Last last minute gifts: Christmas plants

Poinsettias are another wonderful festive plant for indoors. Unfortunately due to its tropical nature the plant is actually hard to keep in our Irish climate

If you are really looking for some last, last minute gifts look no further than a festive plant.

House plants come in all shapes and sizes and are widely available these days. They are good for your health and, apart from the obvious benefits of improved air quality plants can provide, they can also have a calming and stress-relieving effect.

Giving your loved one a plant this festive season could be considered giving good wishes for the New Year as the plant lives on and grows. Here are a few suggestions for you to ponder over.


A Poinsettia is often associated with Christmas and the red is often mistaken for flower petals when in fact they are actually leaves. The flower is quite small and sits at the end of each branch. They are native to Mexico and, in their natural habitat, grow to be quite a large shrub.

Poinsettias, like most house plants are from tropical climates, meaning they thrive in light bright areas of the house with high humidity. They are quite resistant plants so, really, you can put them wherever you like to enjoy a splash of colour. In a very dark corner, however, they do tend to stretch and become leggy.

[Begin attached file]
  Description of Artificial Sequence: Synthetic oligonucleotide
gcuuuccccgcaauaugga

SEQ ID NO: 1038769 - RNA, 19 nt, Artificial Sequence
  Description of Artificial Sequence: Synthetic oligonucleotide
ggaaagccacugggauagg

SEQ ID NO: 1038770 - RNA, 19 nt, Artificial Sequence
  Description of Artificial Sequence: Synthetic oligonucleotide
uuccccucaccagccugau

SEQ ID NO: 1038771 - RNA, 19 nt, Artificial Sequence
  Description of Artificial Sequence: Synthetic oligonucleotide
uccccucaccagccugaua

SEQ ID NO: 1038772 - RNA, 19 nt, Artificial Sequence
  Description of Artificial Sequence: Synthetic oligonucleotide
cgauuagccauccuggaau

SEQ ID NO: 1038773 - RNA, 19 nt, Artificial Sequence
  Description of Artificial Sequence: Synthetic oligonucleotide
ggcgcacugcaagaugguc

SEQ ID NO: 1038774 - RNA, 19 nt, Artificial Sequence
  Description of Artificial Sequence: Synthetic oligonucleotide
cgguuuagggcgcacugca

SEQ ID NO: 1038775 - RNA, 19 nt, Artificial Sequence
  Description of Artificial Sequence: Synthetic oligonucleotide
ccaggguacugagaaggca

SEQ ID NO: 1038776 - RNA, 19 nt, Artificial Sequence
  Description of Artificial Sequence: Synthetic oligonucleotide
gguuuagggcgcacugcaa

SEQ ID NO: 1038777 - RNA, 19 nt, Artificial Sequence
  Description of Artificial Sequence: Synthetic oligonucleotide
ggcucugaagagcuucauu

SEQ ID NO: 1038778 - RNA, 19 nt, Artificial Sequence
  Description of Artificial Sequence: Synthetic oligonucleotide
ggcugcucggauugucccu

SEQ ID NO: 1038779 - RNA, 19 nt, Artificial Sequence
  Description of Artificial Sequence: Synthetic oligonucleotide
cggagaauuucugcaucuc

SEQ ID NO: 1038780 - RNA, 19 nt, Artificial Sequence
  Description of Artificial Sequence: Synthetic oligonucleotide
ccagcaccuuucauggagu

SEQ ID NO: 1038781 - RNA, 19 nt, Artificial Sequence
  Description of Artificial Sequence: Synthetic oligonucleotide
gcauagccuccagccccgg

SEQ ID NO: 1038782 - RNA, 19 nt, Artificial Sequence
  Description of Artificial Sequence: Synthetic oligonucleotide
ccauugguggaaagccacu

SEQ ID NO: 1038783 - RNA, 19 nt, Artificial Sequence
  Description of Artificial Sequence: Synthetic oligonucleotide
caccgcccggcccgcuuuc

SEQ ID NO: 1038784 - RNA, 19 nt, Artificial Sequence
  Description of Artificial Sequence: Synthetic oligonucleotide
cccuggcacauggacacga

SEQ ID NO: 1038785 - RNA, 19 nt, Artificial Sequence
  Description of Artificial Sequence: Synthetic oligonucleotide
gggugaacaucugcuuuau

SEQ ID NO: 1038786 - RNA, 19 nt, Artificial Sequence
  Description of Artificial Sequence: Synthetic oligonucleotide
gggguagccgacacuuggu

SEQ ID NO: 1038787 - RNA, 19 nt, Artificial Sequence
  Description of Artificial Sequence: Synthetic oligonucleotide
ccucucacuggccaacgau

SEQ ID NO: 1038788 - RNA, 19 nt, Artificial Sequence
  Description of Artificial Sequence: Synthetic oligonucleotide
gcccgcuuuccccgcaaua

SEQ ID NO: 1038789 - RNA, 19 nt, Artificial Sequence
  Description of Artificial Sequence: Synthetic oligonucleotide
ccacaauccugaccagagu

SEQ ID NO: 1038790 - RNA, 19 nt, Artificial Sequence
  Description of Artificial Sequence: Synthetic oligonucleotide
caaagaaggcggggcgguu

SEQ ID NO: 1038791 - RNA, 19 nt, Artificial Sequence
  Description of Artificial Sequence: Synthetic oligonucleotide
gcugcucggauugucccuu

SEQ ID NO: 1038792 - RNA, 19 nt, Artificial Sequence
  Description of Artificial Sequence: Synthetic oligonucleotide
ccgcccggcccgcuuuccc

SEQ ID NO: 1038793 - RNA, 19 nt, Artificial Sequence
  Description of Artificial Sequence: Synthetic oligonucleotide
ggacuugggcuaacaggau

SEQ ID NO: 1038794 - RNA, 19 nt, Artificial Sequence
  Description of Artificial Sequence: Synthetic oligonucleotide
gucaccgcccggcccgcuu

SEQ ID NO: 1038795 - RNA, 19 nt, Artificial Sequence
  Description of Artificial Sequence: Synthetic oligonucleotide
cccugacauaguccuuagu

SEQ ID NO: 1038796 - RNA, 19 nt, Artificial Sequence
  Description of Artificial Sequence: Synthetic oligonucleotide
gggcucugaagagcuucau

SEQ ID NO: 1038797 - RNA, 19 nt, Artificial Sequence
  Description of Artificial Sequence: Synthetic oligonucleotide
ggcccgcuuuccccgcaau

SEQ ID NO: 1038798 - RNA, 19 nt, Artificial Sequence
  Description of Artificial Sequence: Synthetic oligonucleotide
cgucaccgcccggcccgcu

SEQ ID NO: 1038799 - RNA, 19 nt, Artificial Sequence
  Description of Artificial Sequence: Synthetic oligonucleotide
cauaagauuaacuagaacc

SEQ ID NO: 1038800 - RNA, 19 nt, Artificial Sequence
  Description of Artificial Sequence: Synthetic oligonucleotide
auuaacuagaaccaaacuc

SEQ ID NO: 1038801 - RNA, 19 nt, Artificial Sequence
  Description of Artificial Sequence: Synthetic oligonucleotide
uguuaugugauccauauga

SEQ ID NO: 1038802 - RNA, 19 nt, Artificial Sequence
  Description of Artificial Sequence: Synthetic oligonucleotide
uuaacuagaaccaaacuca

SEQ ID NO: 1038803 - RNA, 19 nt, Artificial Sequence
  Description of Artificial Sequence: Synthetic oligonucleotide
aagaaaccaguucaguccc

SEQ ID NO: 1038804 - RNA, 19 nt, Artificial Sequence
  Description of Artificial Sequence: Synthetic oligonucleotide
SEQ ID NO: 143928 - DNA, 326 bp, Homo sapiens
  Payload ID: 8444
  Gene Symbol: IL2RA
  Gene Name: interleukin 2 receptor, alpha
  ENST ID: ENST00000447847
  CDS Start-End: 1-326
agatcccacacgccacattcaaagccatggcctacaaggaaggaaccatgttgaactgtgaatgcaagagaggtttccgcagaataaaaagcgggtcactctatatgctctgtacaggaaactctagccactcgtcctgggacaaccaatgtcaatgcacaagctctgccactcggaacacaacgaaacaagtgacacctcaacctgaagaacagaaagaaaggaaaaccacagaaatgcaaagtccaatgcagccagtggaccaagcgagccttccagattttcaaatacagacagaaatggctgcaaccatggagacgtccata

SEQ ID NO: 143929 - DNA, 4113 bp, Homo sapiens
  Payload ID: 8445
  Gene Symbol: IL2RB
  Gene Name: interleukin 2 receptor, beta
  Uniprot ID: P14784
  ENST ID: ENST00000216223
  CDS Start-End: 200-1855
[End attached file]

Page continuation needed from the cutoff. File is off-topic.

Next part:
Water sparingly but without letting the soil dry out. You will be able to tell if the plant is happy by the leaves. They will drop off if the watering is not adequate.

Christmas cactus

Another classic Christmas plant is the Christmas cactus. This is a beautiful plant that can come in a rainbow of colours from deep hot pinks, to purple and even yellow. Christmas cacti generally bloom just in time for Christmas, hence their name, and they're pretty stunning too.

The hanging branches, which are made up of flat, glossy green segments, can grow to up to three feet long. Flowers appear at the tips of these branches and can have several tiers of petals. Each bloom lasts for several days, and the entire flowering period of most cultivars will span several weeks.

If you keep them happy they can flower throughout the year. This plant originates form Brazil so again prefers humid conditions without damp feet.

Swiss cheese plant

Monstera deliciosa is a species of plant native to tropical forests of southern Mexico. It gets its common name of the Swiss cheese plant from the Swiss cheese-like holes in the beautiful green leaves.

Scientists have speculated about the reason for the holes in leaves. One theory is that this perforation maximizes the leaf’s surface area, and therefore its ability to capture sunlight on the rainforest floor; the other is that it allows tropical downpours to pass through the leaves, thereby limiting damage to the plant. Either way, they make it an unusual and popular house plant. This is one of my all-time favourite house plants and it is surprisingly easy to care for.

Monstera plants can be bought small but do need lots of space as they tend to grow large and like to climb vertically as they would in the rainforest up trees. Consider adding a small trellis or pole nearby to facilitate their habit. These plants can make a fabulous centre stage piece of greenery in a room and I think anyone who receives a specimen like this would be delighted.
Having festive plants in your home is a great way to brighten the atmosphere and bring a feeling of love, laughter, and joy to your Christmas gathering.

Also read: Ireland's Fittest Farmer - could it be moooooo?

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